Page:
It “NSFW” is the issue, it will still be the issue when the reader opens the expanded text.

  11. December 9, 2006 at 12:42 pm

    I didn’t read the description. I’ve read others, I’ve seen pictures, etc. I can’t read this stuff anymore.

    Especially since I have spoken to people – young Muslim women, no less, who passionately defend the practice. And then there are the men that defend it too. Qaradawi comes to mind. A young man I spoke to just the other day – “I don’t care if it’s against the law in Canada, my daughter will be cut, she will be a good woman.”

    They see that last bit of female autonomy in sexual pleasure, and they wish to cut it out. Literally.

    This practice is supported by a “weak” hadith that these people cling to. To hell with them, seriously. If officially declaring it un-Islamic doesn’t help, I don’t know what will.

  12. cry4turtles
    December 9, 2006 at 1:11 pm

    My initial reaction to this was blind rage. I silently screamed, “Each and every person responsible for this deserves a .38 slug between their eyes.”

    I had to sit back, take several deep breaths, and a sip of calming tea.

    Then inside my skull echoed the words, “Each and every person responsible for this deserves a .38 slug between their eyes.”

  13. December 9, 2006 at 3:02 pm

    Sorry if this was triggering for anyone. I’ll edit it now and put it below the cut.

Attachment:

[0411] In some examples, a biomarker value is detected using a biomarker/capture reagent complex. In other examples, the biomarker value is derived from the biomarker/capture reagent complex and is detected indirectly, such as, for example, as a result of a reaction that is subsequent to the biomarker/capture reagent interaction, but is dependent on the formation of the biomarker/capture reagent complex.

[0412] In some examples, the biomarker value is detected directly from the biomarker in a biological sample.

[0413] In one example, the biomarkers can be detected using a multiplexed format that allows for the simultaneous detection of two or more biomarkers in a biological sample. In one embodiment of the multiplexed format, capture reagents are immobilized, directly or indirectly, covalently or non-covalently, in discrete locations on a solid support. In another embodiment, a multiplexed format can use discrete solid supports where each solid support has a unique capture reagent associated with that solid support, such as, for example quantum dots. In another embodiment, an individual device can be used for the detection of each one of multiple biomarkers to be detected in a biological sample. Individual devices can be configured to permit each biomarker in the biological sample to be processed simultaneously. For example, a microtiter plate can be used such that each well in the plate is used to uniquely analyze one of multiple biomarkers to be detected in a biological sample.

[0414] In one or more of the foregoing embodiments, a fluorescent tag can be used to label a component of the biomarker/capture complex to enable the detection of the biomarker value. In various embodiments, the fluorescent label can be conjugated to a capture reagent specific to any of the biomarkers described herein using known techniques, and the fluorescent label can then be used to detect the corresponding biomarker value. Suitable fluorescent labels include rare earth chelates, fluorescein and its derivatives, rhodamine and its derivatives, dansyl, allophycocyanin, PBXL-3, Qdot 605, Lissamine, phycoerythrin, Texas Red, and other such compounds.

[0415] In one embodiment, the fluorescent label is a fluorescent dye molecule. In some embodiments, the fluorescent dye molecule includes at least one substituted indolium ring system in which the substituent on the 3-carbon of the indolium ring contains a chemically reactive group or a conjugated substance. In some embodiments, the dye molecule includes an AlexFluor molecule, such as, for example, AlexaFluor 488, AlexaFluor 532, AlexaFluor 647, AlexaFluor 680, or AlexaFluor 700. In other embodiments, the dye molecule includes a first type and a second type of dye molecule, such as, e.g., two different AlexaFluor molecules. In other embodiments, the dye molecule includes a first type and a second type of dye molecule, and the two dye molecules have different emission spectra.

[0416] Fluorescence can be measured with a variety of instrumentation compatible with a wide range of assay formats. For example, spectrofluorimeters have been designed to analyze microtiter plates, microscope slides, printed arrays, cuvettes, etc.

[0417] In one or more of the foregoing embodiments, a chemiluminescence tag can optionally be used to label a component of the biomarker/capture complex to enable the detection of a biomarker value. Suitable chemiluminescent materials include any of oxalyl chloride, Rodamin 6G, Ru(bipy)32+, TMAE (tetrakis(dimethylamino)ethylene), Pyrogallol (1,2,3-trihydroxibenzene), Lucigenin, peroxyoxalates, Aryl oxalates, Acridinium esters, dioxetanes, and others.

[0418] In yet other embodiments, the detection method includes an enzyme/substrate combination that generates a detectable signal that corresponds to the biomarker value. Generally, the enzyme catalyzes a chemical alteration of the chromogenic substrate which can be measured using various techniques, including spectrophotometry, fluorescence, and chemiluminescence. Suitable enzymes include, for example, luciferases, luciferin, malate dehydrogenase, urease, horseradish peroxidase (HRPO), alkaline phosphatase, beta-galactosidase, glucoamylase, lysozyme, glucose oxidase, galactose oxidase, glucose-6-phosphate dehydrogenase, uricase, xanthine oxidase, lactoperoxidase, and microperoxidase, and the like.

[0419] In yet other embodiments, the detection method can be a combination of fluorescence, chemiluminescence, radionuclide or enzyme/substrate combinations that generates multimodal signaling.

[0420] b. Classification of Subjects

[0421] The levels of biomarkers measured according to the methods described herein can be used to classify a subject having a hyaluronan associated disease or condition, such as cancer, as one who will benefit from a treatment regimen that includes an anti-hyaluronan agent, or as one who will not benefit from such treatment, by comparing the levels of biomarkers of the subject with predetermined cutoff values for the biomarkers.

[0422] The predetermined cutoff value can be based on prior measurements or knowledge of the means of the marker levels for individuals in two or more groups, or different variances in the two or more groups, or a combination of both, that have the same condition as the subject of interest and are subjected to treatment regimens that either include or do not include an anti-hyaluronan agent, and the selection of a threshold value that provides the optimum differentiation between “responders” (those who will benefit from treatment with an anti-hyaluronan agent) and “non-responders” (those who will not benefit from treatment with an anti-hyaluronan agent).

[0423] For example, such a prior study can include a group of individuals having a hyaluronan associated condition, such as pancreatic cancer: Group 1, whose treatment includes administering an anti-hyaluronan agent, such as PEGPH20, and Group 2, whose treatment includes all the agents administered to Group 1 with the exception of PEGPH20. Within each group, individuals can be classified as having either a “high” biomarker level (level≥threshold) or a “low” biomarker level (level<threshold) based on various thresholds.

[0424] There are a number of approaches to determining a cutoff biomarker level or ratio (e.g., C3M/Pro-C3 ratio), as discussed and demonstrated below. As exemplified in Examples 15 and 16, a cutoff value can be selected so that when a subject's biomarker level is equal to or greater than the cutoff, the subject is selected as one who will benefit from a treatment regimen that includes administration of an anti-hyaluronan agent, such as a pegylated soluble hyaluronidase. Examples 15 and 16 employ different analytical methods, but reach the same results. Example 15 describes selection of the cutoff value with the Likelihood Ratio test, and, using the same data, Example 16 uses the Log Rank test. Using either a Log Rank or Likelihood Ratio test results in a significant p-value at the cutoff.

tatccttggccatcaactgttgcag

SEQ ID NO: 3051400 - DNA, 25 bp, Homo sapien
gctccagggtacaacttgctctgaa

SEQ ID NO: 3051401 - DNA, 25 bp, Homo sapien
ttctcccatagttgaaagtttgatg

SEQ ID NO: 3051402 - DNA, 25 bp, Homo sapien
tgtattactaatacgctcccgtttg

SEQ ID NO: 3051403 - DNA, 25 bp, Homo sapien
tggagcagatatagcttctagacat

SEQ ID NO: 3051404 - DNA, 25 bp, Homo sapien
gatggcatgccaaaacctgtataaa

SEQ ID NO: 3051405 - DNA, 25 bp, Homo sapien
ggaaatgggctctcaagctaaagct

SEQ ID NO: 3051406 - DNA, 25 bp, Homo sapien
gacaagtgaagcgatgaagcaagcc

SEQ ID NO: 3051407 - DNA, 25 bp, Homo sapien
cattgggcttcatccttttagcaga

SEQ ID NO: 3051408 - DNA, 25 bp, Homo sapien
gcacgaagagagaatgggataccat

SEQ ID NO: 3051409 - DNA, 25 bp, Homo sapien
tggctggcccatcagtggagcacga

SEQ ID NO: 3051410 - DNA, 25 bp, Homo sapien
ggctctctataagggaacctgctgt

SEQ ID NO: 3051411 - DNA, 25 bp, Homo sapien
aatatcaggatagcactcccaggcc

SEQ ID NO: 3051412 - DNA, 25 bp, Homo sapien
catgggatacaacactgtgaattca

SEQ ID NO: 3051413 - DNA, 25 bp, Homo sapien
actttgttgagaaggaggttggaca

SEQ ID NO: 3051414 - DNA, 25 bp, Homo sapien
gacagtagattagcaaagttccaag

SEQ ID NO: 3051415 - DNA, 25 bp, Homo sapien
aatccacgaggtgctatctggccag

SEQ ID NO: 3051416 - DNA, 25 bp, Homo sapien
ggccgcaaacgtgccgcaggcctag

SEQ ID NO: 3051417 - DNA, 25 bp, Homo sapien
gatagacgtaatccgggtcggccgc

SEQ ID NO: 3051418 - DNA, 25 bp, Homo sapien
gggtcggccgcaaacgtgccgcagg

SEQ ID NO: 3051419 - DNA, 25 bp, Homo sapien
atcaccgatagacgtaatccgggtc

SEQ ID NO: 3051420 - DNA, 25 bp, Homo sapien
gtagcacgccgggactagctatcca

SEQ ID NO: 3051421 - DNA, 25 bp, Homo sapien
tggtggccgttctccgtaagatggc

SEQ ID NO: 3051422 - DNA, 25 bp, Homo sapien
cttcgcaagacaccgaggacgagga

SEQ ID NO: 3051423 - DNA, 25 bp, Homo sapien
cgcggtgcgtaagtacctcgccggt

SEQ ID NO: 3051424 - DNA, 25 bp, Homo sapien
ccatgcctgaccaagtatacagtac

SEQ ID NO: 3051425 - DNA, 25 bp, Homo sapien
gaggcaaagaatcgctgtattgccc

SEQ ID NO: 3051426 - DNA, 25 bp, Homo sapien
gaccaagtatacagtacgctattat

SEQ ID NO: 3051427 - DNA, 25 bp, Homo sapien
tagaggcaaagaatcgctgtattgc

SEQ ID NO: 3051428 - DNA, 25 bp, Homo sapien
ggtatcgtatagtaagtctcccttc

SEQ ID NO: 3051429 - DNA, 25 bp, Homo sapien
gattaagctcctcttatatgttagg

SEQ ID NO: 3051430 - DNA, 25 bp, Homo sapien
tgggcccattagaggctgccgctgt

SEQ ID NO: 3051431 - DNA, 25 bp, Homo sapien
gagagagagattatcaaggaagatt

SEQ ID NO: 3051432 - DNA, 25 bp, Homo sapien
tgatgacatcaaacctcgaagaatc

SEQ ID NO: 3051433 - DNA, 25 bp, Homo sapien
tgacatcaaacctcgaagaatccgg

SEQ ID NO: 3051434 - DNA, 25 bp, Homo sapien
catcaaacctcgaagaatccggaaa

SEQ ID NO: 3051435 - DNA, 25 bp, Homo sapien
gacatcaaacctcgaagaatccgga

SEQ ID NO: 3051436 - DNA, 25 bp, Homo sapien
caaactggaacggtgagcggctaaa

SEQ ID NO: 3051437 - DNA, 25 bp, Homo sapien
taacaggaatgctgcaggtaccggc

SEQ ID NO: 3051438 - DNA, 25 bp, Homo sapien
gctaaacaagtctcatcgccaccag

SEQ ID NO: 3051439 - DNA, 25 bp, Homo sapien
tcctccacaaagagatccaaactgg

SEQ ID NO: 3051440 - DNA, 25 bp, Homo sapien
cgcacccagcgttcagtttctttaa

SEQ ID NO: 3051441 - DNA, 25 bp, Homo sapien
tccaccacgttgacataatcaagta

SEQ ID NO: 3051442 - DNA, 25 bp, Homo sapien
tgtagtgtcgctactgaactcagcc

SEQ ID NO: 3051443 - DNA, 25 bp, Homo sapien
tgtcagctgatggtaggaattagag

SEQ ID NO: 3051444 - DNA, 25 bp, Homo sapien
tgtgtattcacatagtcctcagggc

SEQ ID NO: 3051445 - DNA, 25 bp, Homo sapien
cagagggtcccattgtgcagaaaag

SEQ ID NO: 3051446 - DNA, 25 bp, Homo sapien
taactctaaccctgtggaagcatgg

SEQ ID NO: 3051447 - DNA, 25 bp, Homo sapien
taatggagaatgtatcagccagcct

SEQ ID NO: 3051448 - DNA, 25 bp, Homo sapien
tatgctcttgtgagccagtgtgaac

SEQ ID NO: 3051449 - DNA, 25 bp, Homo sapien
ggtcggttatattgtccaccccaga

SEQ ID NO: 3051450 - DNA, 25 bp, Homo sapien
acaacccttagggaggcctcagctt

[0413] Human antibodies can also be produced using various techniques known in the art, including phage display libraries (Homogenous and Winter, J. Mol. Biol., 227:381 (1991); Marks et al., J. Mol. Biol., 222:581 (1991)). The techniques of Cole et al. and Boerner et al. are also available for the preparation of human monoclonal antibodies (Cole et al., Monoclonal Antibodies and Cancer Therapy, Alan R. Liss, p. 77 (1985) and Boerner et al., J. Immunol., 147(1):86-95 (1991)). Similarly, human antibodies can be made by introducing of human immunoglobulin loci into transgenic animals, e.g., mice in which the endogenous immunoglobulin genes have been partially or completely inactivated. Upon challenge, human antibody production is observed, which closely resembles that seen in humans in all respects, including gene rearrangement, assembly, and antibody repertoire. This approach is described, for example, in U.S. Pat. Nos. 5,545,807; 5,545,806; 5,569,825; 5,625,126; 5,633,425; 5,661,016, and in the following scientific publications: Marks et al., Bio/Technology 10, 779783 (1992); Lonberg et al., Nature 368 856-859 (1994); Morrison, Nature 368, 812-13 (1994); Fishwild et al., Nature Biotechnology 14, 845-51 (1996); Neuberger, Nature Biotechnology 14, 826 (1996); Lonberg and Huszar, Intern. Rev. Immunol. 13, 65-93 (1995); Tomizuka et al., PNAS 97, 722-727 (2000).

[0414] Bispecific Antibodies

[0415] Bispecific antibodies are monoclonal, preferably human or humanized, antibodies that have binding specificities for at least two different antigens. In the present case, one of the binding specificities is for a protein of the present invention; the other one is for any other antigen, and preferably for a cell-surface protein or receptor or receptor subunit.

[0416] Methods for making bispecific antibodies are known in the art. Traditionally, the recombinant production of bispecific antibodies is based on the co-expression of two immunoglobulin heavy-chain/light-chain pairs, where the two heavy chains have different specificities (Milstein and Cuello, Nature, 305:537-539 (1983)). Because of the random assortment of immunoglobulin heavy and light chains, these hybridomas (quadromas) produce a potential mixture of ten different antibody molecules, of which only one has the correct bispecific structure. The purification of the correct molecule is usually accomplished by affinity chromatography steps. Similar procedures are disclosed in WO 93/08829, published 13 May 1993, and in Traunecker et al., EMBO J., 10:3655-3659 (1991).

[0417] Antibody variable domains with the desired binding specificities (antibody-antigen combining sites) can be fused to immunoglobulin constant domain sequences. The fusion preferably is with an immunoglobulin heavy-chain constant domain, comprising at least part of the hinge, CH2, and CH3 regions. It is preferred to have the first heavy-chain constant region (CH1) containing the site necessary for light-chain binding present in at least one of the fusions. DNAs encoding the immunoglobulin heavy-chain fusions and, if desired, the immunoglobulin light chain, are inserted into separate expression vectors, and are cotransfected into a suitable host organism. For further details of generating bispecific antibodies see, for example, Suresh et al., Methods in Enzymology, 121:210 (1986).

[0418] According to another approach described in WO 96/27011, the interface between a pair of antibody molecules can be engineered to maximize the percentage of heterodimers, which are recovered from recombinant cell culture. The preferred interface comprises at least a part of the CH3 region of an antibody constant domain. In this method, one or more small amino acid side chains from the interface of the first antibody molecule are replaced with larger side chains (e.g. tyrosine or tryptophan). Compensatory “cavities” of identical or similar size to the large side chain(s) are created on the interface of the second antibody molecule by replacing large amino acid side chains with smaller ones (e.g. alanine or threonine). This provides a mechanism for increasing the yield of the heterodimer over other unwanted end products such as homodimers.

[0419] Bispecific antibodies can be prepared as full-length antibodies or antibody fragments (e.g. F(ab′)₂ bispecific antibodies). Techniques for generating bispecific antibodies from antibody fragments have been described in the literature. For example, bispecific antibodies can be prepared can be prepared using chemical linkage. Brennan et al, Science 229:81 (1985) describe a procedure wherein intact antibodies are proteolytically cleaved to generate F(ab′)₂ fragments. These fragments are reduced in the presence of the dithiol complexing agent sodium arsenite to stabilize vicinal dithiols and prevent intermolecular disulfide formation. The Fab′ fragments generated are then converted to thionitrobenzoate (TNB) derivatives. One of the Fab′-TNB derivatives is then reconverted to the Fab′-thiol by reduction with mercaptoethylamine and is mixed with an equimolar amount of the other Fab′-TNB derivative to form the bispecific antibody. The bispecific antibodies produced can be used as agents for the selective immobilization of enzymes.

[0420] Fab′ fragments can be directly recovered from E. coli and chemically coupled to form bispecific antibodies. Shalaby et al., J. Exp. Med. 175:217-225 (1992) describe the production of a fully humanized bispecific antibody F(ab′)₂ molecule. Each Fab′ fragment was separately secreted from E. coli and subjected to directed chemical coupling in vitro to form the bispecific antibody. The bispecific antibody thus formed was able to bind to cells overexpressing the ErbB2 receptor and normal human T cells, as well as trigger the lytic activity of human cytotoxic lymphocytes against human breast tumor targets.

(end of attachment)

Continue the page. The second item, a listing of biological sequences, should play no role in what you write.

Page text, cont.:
14. December 9, 2006 at 3:15 pm

    This is wonderful news. It’s good to see Muslim scholars responding in this manner (reminds me of Fauziya Kassindja’s father in Do They Hear You When You Cry?).

  15. Mnemosyne
    December 9, 2006 at 3:52 pm

    From what I’ve heard in the past, claiming that this practice is dictated by Islam has about as much validity as insisting that Santa Claus is integral to Christmas. So I’m glad to hear that scholars are coming out to deny that it’s “required” in some way.

  16. December 10, 2006 at 1:46 am

    This is good. The practice is still pretty common in Egypt (as well as a lot of other African countries) – I hope this will help the NGOs that are working with women in rural areas where it is most prevalent by giving them an argument that people will listen to.

  17. Frumious B
    December 11, 2006 at 11:48 am

    I heard a great quote from Kofi Annan on NPR this morning. I’m not sure of the context, but I think it’s applicable to FGC. I’m paraphrasing since I don’t recall the exact words, but it was something along the lines of:

    “Human rights are not a Western import, they are intrinsic.”